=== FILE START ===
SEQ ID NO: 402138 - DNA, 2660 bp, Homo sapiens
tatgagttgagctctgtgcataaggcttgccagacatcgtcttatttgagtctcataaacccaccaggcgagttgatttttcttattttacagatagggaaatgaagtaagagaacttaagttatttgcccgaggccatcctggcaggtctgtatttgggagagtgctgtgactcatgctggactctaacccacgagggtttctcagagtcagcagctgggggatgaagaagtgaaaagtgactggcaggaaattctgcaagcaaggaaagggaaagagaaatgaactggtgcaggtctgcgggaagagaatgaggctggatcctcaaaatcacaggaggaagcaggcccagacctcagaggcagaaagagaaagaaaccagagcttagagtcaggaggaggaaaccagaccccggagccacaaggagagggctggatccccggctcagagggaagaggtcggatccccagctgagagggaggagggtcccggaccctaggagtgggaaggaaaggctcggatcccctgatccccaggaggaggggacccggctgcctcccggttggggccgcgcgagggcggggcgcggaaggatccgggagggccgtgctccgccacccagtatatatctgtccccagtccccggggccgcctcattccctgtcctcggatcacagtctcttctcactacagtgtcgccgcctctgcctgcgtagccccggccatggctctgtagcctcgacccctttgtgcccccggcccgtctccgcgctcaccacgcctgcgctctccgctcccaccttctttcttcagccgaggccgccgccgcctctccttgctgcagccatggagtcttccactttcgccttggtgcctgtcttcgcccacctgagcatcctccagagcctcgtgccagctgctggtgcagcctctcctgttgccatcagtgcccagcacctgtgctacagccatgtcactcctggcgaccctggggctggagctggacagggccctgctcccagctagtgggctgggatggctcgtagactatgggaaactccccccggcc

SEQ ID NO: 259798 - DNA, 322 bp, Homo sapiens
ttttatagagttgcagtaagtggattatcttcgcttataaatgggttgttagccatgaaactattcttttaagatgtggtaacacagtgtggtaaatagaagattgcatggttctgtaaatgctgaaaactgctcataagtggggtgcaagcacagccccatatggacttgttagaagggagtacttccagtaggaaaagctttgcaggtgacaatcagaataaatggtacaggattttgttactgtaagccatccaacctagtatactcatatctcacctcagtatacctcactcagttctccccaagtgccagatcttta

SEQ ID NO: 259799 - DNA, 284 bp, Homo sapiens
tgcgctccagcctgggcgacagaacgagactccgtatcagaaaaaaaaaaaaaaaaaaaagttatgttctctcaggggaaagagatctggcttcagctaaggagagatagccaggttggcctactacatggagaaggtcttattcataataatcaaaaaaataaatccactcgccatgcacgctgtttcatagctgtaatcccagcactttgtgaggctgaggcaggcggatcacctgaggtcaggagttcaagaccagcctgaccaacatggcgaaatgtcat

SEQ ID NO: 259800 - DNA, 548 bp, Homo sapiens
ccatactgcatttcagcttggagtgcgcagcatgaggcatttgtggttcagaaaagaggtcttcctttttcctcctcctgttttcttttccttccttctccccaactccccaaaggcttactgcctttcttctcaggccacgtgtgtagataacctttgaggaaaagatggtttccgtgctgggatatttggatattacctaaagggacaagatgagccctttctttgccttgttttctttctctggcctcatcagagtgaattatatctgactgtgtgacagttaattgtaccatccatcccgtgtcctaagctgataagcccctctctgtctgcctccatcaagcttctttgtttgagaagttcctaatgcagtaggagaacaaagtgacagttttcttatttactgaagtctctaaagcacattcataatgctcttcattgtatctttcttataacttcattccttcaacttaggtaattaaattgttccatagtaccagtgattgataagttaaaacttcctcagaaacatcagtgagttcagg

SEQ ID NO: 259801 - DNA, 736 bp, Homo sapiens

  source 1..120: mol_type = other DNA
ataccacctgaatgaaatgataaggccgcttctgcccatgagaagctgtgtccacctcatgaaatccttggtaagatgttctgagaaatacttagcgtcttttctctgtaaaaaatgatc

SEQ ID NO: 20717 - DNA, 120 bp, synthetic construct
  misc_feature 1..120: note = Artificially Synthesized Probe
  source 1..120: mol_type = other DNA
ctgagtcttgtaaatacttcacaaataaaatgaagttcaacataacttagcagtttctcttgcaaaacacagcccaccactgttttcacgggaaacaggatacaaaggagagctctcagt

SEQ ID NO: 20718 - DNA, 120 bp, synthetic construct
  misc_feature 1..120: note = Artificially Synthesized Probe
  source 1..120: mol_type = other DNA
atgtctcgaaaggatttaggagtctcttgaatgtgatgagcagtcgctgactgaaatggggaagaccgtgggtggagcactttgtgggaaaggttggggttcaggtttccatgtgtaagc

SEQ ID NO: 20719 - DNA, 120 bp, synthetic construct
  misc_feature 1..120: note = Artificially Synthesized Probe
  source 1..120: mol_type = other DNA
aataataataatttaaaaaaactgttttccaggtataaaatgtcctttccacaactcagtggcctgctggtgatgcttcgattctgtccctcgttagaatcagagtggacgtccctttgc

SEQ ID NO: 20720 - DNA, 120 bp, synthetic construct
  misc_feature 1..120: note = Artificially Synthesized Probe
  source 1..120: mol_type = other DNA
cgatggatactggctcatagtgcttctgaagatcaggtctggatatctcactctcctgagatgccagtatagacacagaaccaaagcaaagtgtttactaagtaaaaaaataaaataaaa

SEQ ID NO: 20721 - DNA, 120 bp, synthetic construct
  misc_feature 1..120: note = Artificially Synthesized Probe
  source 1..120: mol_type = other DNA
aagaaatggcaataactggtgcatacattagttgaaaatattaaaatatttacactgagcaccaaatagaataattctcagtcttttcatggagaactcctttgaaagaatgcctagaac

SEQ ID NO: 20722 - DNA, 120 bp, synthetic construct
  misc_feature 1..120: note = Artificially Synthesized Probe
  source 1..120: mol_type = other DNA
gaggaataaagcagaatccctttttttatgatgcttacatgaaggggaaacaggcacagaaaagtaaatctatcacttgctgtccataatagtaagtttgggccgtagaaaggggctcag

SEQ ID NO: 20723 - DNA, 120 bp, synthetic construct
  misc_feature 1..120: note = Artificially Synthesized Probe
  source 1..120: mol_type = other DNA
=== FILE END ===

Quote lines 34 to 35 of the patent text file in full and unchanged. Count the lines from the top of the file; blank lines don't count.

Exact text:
  source 1..120: mol_type = other DNA
gaggaataaagcagaatccctttttttatgatgcttacatgaaggggaaacaggcacagaaaagtaaatctatcacttgctgtccataatagtaagtttgggccgtagaaaggggctcag